By Elana Jefferson-Tatum, Ph.D.
Elana Jefferson-Tatum, Ph.D. is a scholar of Africana religions, a hypnobirthing coach, and a full-spectrum doula. After several years in the academy as a post-doctoral fellow at Hobart and William Smith Colleges and then as a tenure-track professor at Tufts University, she shifted her life entirely. Now, she’s a proud homeschooling mom and the owner of Lunar Flow Doula + Hypnobirthing.
As an undergraduate at Emory University, I was so excited about what life had to offer. Being a young Black woman deemed both “too smart” and “too Black,” I was now leaving behind years of bullying during my adolescent years. I was also leaving behind the critical eyes of extended family members who considered me, the “child-out-of-wedlock,” as unfit and simply unacceptable. I was ready to craft my life moment by moment, like the teenage love poems and R&B songs that had once been a part of my daily existence. I was ready to make myself anew.
Given my own experiences of trauma, including sexual abuse, bullying, and depression, I entered college searching for answers that could make sense of my Black woman bodily experiences: Why does God let bad things happen to good people? Does God really not give us more than we can bear? How, then, could we explain depression and suicide? Not feeling satisfied by the answers I was given at the Southern Baptist church I had most recently attended, I was drawn to religious studies courses in Womanist/Black theology and Africana religions. And, there, in that space of learning, I not only found a place to grapple with these deep theological and existential questions, I discovered a whole world of religious thought and practice. I was awakened to the rich traditions of Africa and its diaspora, and it gave my young Black woman life new meaning and new substance. I had found my ancestors.
Encouraged by a Black woman mentor, who saw my passion for learning and my potential for academic achievement, as but a sophomore in college, I began my journey into the academy. However, I remember looking at her life and thinking I never wanted my life to look like hers. It actually became a bit of a joke between the two of us. Her whole life was about the academy, and I always knew I wanted and needed more. Even still, as a young Black woman raised by a single mother (and with little family support), I wanted somewhere to belong. I absolutely loved learning, and so the academy seemed like a good fit, at least in the short term. It at least gave me the space and the financial resources to explore a whole ancestral world that I had known in my soul existed (from the sacred musings and extra-church going ons in my auntie and grandma’s kitchens) but it was still a this worldly cosmos I had not fully had the words to grasp.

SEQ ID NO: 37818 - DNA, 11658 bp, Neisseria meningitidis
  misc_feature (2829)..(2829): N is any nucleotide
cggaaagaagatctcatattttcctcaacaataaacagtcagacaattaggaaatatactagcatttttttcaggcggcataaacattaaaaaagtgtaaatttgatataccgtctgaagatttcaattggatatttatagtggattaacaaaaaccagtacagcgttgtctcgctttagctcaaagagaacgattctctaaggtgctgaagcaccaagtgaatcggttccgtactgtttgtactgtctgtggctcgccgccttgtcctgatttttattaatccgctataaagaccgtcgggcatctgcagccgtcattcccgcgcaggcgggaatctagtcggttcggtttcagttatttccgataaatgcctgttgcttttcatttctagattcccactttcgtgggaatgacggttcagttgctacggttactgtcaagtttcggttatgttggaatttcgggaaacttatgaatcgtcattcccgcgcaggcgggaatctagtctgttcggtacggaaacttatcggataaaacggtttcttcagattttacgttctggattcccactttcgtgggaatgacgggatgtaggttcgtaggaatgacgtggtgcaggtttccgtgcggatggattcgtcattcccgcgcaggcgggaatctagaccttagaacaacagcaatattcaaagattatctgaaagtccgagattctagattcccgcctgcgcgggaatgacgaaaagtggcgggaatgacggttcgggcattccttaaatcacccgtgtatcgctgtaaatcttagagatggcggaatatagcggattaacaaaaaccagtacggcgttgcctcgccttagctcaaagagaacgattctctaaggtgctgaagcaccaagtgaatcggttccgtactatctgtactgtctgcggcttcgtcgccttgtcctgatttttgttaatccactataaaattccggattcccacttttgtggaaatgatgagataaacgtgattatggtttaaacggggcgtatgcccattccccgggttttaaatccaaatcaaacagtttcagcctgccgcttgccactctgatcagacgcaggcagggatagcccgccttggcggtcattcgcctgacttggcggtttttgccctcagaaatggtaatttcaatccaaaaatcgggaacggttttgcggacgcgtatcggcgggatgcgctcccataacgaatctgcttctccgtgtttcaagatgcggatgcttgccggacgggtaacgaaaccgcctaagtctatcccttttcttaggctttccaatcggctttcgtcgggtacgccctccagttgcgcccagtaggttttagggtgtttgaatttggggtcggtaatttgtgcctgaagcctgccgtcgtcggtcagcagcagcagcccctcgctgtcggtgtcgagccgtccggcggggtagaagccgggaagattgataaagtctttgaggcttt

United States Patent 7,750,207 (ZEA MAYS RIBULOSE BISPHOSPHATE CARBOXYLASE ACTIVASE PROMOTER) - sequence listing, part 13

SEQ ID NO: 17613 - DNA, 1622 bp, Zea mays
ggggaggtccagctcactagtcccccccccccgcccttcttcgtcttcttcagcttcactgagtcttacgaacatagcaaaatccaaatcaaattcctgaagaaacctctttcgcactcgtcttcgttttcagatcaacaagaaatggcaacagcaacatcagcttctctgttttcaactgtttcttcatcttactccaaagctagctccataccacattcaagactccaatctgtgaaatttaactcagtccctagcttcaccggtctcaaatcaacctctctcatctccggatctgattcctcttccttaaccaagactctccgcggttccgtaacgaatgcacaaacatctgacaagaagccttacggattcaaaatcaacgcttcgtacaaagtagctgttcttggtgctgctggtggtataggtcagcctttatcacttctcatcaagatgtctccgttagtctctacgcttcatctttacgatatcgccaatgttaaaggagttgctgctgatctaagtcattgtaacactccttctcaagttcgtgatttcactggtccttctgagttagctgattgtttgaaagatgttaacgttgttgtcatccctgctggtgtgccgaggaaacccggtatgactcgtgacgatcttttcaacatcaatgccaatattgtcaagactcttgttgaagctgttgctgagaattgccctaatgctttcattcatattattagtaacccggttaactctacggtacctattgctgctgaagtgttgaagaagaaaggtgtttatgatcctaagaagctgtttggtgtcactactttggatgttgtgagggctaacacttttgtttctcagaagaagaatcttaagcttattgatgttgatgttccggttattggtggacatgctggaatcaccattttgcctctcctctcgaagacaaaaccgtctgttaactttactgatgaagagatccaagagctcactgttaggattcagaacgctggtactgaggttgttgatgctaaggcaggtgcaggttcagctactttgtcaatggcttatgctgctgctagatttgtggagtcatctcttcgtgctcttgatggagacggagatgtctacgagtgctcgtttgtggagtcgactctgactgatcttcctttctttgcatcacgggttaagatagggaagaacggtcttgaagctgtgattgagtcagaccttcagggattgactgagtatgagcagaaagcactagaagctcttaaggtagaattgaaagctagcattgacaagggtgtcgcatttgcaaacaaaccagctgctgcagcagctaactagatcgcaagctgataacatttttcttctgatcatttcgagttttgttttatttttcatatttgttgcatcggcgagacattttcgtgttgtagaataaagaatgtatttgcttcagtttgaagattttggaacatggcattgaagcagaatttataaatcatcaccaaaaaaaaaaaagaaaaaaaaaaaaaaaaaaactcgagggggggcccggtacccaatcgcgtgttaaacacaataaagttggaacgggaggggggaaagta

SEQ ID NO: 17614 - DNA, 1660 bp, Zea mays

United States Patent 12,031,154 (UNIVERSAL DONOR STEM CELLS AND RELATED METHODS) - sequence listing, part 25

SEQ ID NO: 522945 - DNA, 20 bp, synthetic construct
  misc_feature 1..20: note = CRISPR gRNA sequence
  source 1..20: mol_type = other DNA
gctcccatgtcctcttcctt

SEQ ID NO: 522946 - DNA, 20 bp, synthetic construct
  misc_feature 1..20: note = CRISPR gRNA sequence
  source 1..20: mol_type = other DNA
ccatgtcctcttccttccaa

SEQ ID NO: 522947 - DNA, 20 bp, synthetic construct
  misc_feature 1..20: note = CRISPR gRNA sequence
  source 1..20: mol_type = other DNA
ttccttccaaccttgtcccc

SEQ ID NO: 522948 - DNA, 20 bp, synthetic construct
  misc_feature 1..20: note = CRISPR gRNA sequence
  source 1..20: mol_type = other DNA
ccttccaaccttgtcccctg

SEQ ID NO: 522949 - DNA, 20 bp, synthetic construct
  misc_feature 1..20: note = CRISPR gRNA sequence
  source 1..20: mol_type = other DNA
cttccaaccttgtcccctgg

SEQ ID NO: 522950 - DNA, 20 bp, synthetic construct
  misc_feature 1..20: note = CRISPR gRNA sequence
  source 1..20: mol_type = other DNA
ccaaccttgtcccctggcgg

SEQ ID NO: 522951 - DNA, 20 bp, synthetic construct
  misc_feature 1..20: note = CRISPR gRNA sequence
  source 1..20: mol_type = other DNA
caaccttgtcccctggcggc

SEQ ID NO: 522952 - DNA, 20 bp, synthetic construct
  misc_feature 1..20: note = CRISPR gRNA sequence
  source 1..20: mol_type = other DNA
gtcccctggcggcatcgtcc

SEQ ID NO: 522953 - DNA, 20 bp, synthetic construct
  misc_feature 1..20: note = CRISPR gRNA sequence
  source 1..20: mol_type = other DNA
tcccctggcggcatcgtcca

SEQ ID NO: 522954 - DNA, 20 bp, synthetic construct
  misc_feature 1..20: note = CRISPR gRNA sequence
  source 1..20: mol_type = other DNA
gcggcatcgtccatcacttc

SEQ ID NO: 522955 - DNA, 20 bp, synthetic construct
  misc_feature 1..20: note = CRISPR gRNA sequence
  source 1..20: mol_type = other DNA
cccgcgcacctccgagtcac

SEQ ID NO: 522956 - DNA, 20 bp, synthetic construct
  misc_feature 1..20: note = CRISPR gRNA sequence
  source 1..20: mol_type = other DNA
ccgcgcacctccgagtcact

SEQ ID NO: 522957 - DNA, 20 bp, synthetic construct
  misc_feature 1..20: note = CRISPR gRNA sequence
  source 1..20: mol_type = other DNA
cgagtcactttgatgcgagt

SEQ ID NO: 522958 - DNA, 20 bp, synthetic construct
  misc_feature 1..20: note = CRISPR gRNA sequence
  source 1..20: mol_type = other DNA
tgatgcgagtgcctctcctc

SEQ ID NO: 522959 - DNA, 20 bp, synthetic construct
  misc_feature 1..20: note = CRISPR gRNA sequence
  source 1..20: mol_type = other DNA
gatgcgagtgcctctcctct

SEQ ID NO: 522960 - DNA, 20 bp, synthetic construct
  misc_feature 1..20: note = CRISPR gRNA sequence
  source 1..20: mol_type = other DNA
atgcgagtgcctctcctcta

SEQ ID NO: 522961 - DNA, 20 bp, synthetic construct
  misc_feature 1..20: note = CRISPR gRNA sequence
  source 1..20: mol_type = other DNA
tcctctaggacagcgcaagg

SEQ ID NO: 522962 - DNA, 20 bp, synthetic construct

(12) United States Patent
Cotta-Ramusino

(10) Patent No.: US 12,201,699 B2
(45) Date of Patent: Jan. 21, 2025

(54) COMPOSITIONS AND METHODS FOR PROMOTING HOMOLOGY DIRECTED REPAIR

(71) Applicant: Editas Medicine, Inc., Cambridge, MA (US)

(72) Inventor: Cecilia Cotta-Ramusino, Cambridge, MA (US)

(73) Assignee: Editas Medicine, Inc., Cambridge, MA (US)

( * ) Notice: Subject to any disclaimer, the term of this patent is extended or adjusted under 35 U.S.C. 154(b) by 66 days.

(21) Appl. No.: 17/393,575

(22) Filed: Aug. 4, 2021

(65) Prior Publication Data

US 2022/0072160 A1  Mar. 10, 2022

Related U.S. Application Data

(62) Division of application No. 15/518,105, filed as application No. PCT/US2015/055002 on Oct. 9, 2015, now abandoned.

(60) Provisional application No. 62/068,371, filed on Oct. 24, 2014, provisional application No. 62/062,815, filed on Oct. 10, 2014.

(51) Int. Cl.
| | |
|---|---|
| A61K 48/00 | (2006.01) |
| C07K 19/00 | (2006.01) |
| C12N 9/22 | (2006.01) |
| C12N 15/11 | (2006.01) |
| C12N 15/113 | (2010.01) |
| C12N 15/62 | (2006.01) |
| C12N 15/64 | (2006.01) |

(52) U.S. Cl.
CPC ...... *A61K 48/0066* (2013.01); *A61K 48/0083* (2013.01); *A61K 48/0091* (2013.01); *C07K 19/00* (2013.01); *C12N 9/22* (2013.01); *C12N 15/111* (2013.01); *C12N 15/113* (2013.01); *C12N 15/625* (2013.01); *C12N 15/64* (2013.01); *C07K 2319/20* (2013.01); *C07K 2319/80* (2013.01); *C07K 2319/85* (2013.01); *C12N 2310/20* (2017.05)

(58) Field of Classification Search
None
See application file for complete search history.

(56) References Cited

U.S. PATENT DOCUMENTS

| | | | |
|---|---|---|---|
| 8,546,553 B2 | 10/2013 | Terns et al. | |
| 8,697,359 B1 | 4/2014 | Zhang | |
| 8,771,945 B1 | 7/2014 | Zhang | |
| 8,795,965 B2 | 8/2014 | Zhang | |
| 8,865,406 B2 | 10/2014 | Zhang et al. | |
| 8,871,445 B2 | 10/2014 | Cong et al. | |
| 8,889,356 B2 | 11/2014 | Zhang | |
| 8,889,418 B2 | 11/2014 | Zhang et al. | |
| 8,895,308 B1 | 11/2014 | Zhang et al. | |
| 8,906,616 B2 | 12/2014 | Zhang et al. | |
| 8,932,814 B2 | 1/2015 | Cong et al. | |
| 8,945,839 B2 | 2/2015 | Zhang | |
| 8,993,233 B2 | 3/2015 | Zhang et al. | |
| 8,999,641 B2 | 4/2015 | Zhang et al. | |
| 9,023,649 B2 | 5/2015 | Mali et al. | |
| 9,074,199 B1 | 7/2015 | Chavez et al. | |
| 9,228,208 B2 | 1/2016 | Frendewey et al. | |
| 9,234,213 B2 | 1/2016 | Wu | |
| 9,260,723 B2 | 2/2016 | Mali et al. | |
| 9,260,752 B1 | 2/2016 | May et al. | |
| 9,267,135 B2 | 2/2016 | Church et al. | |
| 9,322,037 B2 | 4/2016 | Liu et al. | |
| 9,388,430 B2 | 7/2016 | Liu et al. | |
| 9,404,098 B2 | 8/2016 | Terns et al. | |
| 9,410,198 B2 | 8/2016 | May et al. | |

So, I started down the PhD path with no clear vision of where exactly I was going. I know now that I was really in search of myself and of home, something I would never find within the ivory towers of the academy. But, carried forward by my passion for learning, for self-expansion, I applied to Harvard Divinity School, and I got in. Though academically I excelled, emotionally and spiritually, I struggled. Again, I felt very alone and out of place, precisely, not at home. During my two years at Harvard, in an environment where competition and the performance of academic excellence can take precedence over intellectual exploration, for me, there was no room for learning as a journey of joy and fulfilment. Everything was about the performance of achievement and perfection, the performance of a white supremacist conception of what it meant to be “intelligent,” and “educated.” And so, I ended up deeply depressed.
Knowing I could not emotionally or spiritually survive completing a Ph.D. program at Harvard, I was thrilled when I was accepted to Emory University. It initially felt like a form of going back home. But, I struggled. Continuing to look for love, joy, and acceptance outside of myself, the more I excelled academically, the more emotionally lost I became. I was slowly crafting my voice and my selfhood into a package more acceptable for the academy but into something I could no longer recognize. The young woman who sat for hours dreaming of love and writing poetry was gone, or so I thought.
In 2016, I graduated with my PhD from Emory University, and I was thrilled. The dream I had been planning for since undergrad had come to fruition. But, what next? Now, what dream was I chasing? What was my life purpose now? While I had originally contemplated getting a non-profit job, this was not the path for which my training and education had prepared me. I had no clue how to translate my research and teaching experience into something practical and tangible in the public sphere. It felt too daunting a task.
So, since I didn’t know what else to do with a degree in Religious Studies, I applied to postdocs and tenure-track jobs. After a year as a postdoc, I finally got the coveted tenure-track position and with a cushy fellowship at Tufts University, so by most academic standards, I had it made. But, the job required my Black family and I to move to Boston. Excited to finally start our lives (after having moved several times), we thought we could make it work and we really tried. My husband got a marketing job at a tech company, and we found an in-home daycare for our son. My classes were also going great. But, one afternoon, I found myself quietly sitting at home in my apartment with the deep soul-knowing that this life I was living was someone’s dream but it was most definitely not my own. As much as I enjoyed teaching, my students, and research, I wanted more time with my family and for myself. I wanted to live my life without existing in a constant state of anxiety and fear, worried about the next deadline, the next article paper or book that needed to be published, the next conference paper. Each somehow meant to prove I was “good enough” and “worthy.” Yet, I wasn’t yet ready to make a change. I was afraid. What if I was nothing? What if without these degrees, this title, these ivory walls, I was nobody after all? So, I didn’t know how to get out.